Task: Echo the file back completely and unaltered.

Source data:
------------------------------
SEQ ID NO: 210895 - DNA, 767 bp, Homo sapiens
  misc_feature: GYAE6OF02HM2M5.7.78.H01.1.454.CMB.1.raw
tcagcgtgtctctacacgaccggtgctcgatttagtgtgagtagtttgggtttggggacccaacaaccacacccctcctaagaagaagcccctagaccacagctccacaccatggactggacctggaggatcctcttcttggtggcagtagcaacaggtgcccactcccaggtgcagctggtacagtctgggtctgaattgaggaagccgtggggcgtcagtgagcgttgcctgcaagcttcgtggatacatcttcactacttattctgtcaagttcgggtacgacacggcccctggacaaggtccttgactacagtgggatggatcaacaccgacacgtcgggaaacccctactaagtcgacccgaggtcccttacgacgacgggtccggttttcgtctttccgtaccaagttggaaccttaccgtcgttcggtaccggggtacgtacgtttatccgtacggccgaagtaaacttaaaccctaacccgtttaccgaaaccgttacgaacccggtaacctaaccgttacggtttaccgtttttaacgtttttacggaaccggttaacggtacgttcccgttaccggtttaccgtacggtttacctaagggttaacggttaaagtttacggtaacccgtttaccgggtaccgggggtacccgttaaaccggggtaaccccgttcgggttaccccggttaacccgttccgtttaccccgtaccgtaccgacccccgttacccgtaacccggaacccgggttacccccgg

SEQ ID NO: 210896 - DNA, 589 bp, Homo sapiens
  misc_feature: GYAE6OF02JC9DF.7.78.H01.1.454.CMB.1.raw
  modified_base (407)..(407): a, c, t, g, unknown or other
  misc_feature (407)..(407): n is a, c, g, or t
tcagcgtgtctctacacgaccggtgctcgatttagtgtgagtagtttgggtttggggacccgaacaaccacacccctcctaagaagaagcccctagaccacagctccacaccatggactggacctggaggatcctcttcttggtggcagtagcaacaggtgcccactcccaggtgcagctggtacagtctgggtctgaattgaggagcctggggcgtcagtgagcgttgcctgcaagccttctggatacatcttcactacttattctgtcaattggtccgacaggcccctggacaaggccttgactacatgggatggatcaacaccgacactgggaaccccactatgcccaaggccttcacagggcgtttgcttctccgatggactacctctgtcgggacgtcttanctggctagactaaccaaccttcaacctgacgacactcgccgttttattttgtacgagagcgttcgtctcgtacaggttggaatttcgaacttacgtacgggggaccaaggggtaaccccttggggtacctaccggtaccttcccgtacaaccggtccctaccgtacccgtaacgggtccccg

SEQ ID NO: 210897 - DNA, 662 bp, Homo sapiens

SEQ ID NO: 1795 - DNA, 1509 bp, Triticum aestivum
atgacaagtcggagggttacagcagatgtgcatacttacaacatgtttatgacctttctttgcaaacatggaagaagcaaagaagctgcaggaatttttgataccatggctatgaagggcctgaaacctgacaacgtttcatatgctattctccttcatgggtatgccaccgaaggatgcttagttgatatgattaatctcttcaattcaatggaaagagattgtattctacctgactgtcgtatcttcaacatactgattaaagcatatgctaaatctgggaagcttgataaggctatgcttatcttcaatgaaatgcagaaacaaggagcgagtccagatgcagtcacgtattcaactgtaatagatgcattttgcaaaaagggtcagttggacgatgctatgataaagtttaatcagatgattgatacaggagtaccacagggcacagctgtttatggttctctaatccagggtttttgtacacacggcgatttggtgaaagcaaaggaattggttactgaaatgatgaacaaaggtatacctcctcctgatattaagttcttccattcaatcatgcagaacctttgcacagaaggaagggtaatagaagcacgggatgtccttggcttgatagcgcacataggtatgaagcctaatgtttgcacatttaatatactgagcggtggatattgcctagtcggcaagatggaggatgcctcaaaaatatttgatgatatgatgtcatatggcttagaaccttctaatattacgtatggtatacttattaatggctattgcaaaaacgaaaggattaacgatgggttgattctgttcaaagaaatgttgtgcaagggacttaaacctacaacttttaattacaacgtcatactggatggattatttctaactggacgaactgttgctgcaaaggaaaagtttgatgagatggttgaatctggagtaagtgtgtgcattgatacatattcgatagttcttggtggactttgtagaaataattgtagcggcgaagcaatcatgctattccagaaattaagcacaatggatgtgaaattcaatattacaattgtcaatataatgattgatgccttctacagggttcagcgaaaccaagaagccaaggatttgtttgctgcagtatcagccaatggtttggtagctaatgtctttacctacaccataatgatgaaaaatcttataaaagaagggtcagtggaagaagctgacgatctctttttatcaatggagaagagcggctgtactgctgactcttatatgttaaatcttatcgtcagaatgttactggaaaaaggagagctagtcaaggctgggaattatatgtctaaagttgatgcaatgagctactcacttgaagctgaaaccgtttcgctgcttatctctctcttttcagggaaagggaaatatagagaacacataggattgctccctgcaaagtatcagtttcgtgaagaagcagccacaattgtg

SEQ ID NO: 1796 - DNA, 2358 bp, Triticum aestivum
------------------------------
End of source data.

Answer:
SEQ ID NO: 210895 - DNA, 767 bp, Homo sapiens
  misc_feature: GYAE6OF02HM2M5.7.78.H01.1.454.CMB.1.raw
tcagcgtgtctctacacgaccggtgctcgatttagtgtgagtagtttgggtttggggacccaacaaccacacccctcctaagaagaagcccctagaccacagctccacaccatggactggacctggaggatcctcttcttggtggcagtagcaacaggtgcccactcccaggtgcagctggtacagtctgggtctgaattgaggaagccgtggggcgtcagtgagcgttgcctgcaagcttcgtggatacatcttcactacttattctgtcaagttcgggtacgacacggcccctggacaaggtccttgactacagtgggatggatcaacaccgacacgtcgggaaacccctactaagtcgacccgaggtcccttacgacgacgggtccggttttcgtctttccgtaccaagttggaaccttaccgtcgttcggtaccggggtacgtacgtttatccgtacggccgaagtaaacttaaaccctaacccgtttaccgaaaccgttacgaacccggtaacctaaccgttacggtttaccgtttttaacgtttttacggaaccggttaacggtacgttcccgttaccggtttaccgtacggtttacctaagggttaacggttaaagtttacggtaacccgtttaccgggtaccgggggtacccgttaaaccggggtaaccccgttcgggttaccccggttaacccgttccgtttaccccgtaccgtaccgacccccgttacccgtaacccggaacccgggttacccccgg

SEQ ID NO: 210896 - DNA, 589 bp, Homo sapiens
  misc_feature: GYAE6OF02JC9DF.7.78.H01.1.454.CMB.1.raw
  modified_base (407)..(407): a, c, t, g, unknown or other
  misc_feature (407)..(407): n is a, c, g, or t
tcagcgtgtctctacacgaccggtgctcgatttagtgtgagtagtttgggtttggggacccgaacaaccacacccctcctaagaagaagcccctagaccacagctccacaccatggactggacctggaggatcctcttcttggtggcagtagcaacaggtgcccactcccaggtgcagctggtacagtctgggtctgaattgaggagcctggggcgtcagtgagcgttgcctgcaagccttctggatacatcttcactacttattctgtcaattggtccgacaggcccctggacaaggccttgactacatgggatggatcaacaccgacactgggaaccccactatgcccaaggccttcacagggcgtttgcttctccgatggactacctctgtcgggacgtcttanctggctagactaaccaaccttcaacctgacgacactcgccgttttattttgtacgagagcgttcgtctcgtacaggttggaatttcgaacttacgtacgggggaccaaggggtaaccccttggggtacctaccggtaccttcccgtacaaccggtccctaccgtacccgtaacgggtccccg

SEQ ID NO: 210897 - DNA, 662 bp, Homo sapiens

SEQ ID NO: 1795 - DNA, 1509 bp, Triticum aestivum
atgacaagtcggagggttacagcagatgtgcatacttacaacatgtttatgacctttctttgcaaacatggaagaagcaaagaagctgcaggaatttttgataccatggctatgaagggcctgaaacctgacaacgtttcatatgctattctccttcatgggtatgccaccgaaggatgcttagttgatatgattaatctcttcaattcaatggaaagagattgtattctacctgactgtcgtatcttcaacatactgattaaagcatatgctaaatctgggaagcttgataaggctatgcttatcttcaatgaaatgcagaaacaaggagcgagtccagatgcagtcacgtattcaactgtaatagatgcattttgcaaaaagggtcagttggacgatgctatgataaagtttaatcagatgattgatacaggagtaccacagggcacagctgtttatggttctctaatccagggtttttgtacacacggcgatttggtgaaagcaaaggaattggttactgaaatgatgaacaaaggtatacctcctcctgatattaagttcttccattcaatcatgcagaacctttgcacagaaggaagggtaatagaagcacgggatgtccttggcttgatagcgcacataggtatgaagcctaatgtttgcacatttaatatactgagcggtggatattgcctagtcggcaagatggaggatgcctcaaaaatatttgatgatatgatgtcatatggcttagaaccttctaatattacgtatggtatacttattaatggctattgcaaaaacgaaaggattaacgatgggttgattctgttcaaagaaatgttgtgcaagggacttaaacctacaacttttaattacaacgtcatactggatggattatttctaactggacgaactgttgctgcaaaggaaaagtttgatgagatggttgaatctggagtaagtgtgtgcattgatacatattcgatagttcttggtggactttgtagaaataattgtagcggcgaagcaatcatgctattccagaaattaagcacaatggatgtgaaattcaatattacaattgtcaatataatgattgatgccttctacagggttcagcgaaaccaagaagccaaggatttgtttgctgcagtatcagccaatggtttggtagctaatgtctttacctacaccataatgatgaaaaatcttataaaagaagggtcagtggaagaagctgacgatctctttttatcaatggagaagagcggctgtactgctgactcttatatgttaaatcttatcgtcagaatgttactggaaaaaggagagctagtcaaggctgggaattatatgtctaaagttgatgcaatgagctactcacttgaagctgaaaccgtttcgctgcttatctctctcttttcagggaaagggaaatatagagaacacataggattgctccctgcaaagtatcagtttcgtgaagaagcagccacaattgtg

SEQ ID NO: 1796 - DNA, 2358 bp, Triticum aestivum